Because Germany celebrates its reunifaction today, I suppose it’s as got a moment as any to publish my first post in ages on here.
I’ve been living in Berlin for over a year now and I’m happy to report that my initial excitement didn’t wear off yet. It’s still great to finally live in a place where stuff actually happens. I’m ecpecially enjoying all the concerts I’m able to visit now. But I have to admit that I’m missing a car in my life.
Anyway, enough about me. This is still a car blog I think!
So back in June I was visiting the Classic Days. It takes place on the Kurfürstendamm. This famous boulevard is the center of western Berlin and - as the pictures will show you - it’s a well known upscale shopping street. For two days almost a mile of the Ku’damm is closed off. This allows over 2,000 classic cars to participate at this event.
Which Targa would you pick?
The following car might look very modern, but it’s almost twenty years old by now.
This was the third time in my life I was this close to a Formula 1 car. And everytime it’s amazing to me how small and delicate those machines actually are.
This is a good moment to be thankful that the days when American cars on Berlin’s streets looked like these are over:
So let’s have fun with your glourious freedom machines together instead.
The Charger is one of my absolute favorite cars of all time.
But I’m modest. I would settle for a Coronet.
Is this an Original?
Well, this is definitely an original.
The owner made a huge effort to make the race car street legal. One of the many issues was the exhaust system. It was way too loud and therefor they had to find a compromise between originality and legal requirements. Luckily I was able to hear the result of their tinkering. Just when I was standing there to take these pictures they started the car to give us mere mortals a couple of minutes of V8 rumble and revs. And while the noise probably was just a faint echo of the glory days on the Mulsanne straight I can say that the audience and I appreciated the compromise they achieved.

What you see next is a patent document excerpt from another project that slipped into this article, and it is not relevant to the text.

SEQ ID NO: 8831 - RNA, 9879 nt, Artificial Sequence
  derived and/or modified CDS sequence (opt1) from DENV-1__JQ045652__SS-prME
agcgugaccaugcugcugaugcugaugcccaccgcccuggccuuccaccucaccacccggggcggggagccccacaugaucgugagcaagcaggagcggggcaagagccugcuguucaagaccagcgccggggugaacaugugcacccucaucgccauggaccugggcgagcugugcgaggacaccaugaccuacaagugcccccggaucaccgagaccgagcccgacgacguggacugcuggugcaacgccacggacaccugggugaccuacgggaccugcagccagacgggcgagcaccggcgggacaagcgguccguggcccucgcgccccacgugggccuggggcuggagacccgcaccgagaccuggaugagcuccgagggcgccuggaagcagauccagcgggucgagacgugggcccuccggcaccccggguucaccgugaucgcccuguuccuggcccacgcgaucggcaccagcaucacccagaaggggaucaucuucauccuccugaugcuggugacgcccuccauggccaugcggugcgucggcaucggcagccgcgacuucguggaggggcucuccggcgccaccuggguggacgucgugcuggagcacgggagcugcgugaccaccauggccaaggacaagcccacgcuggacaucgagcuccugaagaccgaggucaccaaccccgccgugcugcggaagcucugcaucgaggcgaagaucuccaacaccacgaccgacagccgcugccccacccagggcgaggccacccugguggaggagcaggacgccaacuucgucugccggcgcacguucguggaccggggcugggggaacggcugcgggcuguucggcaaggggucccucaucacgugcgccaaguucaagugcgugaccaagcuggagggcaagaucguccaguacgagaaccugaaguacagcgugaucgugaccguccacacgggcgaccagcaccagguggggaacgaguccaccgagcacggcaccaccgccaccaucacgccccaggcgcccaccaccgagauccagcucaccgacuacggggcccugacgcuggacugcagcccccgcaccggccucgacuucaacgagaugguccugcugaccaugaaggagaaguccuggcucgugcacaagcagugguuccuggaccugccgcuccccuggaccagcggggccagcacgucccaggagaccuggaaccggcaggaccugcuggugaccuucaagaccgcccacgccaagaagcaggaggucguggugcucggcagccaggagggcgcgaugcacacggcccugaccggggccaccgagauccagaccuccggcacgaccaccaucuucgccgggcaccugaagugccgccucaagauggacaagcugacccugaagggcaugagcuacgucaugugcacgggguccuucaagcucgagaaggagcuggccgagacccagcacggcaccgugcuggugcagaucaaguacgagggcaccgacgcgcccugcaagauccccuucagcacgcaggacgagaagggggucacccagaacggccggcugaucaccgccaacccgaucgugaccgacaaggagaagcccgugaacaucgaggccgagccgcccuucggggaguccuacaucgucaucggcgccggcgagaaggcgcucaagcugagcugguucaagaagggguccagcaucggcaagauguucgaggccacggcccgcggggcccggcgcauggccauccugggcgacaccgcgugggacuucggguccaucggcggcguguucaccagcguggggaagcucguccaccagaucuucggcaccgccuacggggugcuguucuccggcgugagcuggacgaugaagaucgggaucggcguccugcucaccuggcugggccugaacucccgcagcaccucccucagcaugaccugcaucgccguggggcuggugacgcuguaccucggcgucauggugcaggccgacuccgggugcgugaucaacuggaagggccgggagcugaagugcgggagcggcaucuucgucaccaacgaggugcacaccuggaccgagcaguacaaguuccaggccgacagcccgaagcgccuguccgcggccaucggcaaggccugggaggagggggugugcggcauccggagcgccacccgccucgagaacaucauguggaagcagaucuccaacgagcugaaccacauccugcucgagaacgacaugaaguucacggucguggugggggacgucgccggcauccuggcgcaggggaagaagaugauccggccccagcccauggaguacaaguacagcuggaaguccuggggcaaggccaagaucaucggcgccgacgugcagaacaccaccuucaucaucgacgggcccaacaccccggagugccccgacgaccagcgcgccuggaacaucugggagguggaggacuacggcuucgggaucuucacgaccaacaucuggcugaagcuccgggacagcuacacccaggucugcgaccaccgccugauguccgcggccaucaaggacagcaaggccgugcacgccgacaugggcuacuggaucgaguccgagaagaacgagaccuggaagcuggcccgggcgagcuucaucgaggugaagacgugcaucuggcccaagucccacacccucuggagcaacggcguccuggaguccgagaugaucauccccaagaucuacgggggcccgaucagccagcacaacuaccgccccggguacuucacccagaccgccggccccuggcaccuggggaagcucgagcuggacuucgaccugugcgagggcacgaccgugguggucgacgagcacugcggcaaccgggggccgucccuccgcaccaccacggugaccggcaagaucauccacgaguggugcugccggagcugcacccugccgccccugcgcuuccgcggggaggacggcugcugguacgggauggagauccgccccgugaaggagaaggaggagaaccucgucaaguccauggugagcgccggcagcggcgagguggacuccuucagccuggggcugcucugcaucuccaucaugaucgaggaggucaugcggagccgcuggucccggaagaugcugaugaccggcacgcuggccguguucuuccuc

The licence plate of this Daytona Spider is perfect! So is this an “Argentina Special” or was it done on purpose? For those of you who don’t know: You can only choose up to two letters and four numbers behind the coat of arms. The letters before that are the region prefix. The only way to get it is to register the car in that specific district. And for this you need a residence or business there. DON stands for Donauwörth in Bavaria by the way.
This ‘85 Quattro is the car in which Michèle Mouton won Pikes Peak in 1985.
I have to end this here. The amount of cars on display was overwhelming. I took over 300 pictures that day and this was by far not enough to capture the scale of this event.
Next weekend I will visit the Motorworld Classics. I was there last year as well, but I simply couldn’t be bothered to upload any pics. This is a teaser:
I’ll try to upload a best of of both events in the near future.